It’s exceedingly rare to see a kind word about green biotechnology–genetically modified organisms or seeds–in The Guardian, which tends to be rabidly anti-business.
It’s noteworthy, therefore, that The Guardian published a reasonable commentary this week by Calestous Juma, faculty chair of the Innovation for Economic Development Programme at Harvard University’s Kennedy School, titled “Feeding Africa: why biotechnology sceptics are wrong to dismiss GM“.
The article does not mention Monsanto once, which may have helped it find favour with The Guardian. We’re not offended. Instead, we welcome the focus on issues and facts: food security, nutrition, and the role that GM seeds and crops are already playing in some countries, and could play in others.
Mr. Juma talks about GM cotton in India–a large portion of which is Monsanto’s leading Bollgard cotton variety–as well as biotech bananas in Uganda and biotech blackeyed peas in Nigeria. Each is a good example of a seed that was developed as a solution to a problem faced by farmers in the real world, in the field. The latter two examples have the additional public acceptance benefit of having been developed locally.
His conclusion: “These techniques have the potential to address a wide range of agricultural, health, and environmental issues in African countries, leading to increased productivity and therefore contributing to increased food security.” But, he continues, emerging nations “face major regulatory hurdles imposed by their own governments and championed by external advocacy groups. It is time to follow the growing evidence rather than cling to ideology. In the long run new threats to food security may come from not adopting biotechnology, rather than adopting it.”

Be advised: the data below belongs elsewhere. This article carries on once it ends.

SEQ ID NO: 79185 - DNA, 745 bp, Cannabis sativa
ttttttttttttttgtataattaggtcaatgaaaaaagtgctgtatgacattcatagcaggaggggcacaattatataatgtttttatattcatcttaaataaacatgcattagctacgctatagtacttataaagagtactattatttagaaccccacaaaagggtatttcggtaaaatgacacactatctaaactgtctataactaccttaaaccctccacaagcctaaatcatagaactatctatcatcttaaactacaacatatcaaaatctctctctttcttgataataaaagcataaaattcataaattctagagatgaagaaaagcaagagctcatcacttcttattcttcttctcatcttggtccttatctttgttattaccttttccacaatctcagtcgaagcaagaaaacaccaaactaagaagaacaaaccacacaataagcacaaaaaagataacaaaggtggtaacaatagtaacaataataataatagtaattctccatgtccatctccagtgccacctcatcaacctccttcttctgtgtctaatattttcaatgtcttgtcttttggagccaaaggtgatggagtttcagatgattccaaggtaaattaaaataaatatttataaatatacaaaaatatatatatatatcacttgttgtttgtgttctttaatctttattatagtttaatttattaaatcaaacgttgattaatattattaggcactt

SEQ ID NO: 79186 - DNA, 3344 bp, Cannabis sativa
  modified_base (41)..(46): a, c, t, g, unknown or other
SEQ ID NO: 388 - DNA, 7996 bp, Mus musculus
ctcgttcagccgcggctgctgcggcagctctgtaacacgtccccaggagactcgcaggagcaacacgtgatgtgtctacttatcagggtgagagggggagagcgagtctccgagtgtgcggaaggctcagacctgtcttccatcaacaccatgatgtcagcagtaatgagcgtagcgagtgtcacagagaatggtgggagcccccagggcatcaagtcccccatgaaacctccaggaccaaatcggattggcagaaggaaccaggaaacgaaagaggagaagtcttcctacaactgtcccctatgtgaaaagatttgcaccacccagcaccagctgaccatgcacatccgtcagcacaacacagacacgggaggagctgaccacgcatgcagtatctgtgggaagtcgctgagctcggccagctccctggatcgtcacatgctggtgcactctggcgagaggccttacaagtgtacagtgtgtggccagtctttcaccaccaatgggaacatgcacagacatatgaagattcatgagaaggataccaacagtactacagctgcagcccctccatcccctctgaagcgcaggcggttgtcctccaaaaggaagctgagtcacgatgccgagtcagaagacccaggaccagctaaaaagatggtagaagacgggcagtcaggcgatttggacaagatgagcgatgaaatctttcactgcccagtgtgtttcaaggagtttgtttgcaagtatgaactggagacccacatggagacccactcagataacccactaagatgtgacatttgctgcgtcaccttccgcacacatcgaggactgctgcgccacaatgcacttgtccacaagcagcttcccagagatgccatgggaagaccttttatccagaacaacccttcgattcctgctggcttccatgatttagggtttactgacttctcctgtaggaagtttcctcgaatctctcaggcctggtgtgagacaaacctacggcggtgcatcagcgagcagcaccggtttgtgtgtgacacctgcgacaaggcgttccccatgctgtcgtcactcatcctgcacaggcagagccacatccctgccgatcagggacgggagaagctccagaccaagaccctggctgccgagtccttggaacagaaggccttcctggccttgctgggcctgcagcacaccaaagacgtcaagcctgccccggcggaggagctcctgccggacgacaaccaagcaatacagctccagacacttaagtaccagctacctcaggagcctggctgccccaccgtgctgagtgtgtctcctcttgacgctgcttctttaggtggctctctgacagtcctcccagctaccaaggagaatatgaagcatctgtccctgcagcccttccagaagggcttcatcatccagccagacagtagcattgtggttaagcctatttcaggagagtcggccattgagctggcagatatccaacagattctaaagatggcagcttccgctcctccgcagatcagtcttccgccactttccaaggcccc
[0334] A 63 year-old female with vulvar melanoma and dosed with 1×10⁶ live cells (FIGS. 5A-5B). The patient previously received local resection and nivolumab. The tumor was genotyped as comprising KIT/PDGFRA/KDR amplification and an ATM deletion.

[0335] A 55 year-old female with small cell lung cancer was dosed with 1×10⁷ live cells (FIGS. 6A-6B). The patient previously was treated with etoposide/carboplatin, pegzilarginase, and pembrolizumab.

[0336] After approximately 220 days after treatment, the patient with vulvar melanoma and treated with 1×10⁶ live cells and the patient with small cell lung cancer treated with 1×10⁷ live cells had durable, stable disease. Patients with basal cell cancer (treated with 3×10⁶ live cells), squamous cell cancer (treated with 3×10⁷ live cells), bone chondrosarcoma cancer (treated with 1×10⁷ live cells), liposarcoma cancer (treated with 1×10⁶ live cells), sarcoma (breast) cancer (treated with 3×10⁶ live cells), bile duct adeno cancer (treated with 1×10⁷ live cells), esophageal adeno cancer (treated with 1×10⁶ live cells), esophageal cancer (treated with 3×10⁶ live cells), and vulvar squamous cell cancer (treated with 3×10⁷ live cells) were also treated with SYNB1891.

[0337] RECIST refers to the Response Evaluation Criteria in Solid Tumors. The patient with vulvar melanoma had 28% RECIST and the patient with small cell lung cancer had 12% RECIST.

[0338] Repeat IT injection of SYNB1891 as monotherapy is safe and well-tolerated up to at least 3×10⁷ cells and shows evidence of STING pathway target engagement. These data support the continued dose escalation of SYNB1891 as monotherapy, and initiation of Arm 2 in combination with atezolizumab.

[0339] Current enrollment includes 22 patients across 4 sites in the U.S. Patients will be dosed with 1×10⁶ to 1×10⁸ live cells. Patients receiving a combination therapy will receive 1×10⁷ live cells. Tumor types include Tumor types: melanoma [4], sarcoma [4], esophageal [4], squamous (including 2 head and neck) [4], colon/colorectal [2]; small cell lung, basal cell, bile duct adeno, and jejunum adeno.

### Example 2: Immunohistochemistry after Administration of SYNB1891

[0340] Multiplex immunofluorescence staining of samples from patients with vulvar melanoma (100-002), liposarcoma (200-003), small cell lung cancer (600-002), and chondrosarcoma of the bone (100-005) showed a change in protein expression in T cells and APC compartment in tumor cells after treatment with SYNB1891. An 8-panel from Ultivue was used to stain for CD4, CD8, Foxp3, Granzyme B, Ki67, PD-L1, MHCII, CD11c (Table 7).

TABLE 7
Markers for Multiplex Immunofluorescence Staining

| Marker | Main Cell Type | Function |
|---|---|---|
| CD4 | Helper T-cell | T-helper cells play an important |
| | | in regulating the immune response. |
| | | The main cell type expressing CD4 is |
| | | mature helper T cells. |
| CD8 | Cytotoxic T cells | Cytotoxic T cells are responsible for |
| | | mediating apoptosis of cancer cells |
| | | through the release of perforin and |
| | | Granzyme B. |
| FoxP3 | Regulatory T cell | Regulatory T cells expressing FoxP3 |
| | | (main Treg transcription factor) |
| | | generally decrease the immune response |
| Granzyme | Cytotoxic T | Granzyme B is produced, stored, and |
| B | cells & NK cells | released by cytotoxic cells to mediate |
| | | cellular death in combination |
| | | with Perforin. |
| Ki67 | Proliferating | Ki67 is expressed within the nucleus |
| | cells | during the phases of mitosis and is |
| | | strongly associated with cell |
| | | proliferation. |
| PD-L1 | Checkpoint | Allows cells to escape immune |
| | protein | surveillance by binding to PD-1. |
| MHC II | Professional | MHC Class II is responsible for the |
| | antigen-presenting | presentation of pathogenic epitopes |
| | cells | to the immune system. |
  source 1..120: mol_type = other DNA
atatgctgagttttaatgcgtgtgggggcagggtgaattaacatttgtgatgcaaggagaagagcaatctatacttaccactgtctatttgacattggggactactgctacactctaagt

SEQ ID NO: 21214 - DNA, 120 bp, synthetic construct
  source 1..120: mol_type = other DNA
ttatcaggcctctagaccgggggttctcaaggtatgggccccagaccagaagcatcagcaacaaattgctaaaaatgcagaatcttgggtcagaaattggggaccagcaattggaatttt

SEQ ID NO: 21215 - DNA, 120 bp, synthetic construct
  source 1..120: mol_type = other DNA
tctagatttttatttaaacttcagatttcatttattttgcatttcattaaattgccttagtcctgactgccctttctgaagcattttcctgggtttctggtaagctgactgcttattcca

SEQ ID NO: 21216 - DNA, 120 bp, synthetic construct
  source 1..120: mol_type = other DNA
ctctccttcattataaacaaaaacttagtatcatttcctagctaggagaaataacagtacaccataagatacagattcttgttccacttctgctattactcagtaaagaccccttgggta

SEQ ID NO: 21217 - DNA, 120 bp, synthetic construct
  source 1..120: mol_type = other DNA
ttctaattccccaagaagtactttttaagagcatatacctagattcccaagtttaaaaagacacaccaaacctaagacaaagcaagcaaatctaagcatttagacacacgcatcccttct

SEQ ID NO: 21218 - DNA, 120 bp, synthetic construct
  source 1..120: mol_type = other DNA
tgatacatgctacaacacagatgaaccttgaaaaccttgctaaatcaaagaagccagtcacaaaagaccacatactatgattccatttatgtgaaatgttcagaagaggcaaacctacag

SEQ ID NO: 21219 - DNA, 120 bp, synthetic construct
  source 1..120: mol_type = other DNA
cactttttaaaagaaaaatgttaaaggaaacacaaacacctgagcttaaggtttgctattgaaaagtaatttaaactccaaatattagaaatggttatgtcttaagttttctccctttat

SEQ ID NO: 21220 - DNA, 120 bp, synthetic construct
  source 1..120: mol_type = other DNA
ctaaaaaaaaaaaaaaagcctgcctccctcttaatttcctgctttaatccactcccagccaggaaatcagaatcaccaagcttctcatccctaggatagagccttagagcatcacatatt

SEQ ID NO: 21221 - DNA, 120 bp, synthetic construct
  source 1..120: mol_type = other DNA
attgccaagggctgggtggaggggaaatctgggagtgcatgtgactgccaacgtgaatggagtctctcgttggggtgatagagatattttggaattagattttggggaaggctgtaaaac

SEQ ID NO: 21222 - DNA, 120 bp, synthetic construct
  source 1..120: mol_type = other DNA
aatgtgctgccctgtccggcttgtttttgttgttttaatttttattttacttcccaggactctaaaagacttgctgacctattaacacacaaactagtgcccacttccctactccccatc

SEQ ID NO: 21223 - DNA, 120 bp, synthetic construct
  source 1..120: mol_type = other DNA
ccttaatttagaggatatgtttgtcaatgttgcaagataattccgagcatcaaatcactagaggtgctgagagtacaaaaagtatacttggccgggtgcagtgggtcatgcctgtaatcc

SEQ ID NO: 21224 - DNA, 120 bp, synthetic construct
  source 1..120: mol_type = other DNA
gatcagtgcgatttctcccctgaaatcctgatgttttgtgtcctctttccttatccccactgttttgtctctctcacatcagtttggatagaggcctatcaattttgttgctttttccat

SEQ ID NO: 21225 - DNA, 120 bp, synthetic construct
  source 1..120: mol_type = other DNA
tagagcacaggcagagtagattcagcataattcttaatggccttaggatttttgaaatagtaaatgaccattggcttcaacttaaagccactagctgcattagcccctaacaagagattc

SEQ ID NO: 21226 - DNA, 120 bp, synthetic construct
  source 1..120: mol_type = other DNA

The message seems to be catching on. By coincidence, a senior Nigerian government official this week was quoted as saying that countries that had achieved some level of food security only achieved the feat when they fully embraced biotech. Mrs. Winifred Oyo Ita, Permanent Secretary at the Ministry of Science and Technology, said biotechnology is critical in achieving economic development and urged smallholder farmers to embrace the new farming technology given that there is nothing to fear from GM seeds or crops. Here’s some media coverage of her remarks:
Monsanto, for its part, is happy to be able to help farmers make choices by making both conventional seeds and biotech seeds available, depending on farmers’ needs and local restrictions. We’ll sell biotech seeds where farmers are allowed to grow them, but are perfectly happy to sell farmers conventional seeds where they can already contribute to big increases in yields and incomes and improve people’s lives. Our new video about the Water Efficient Maize for Africa program—not biotech corn–shows one example of this approach in action.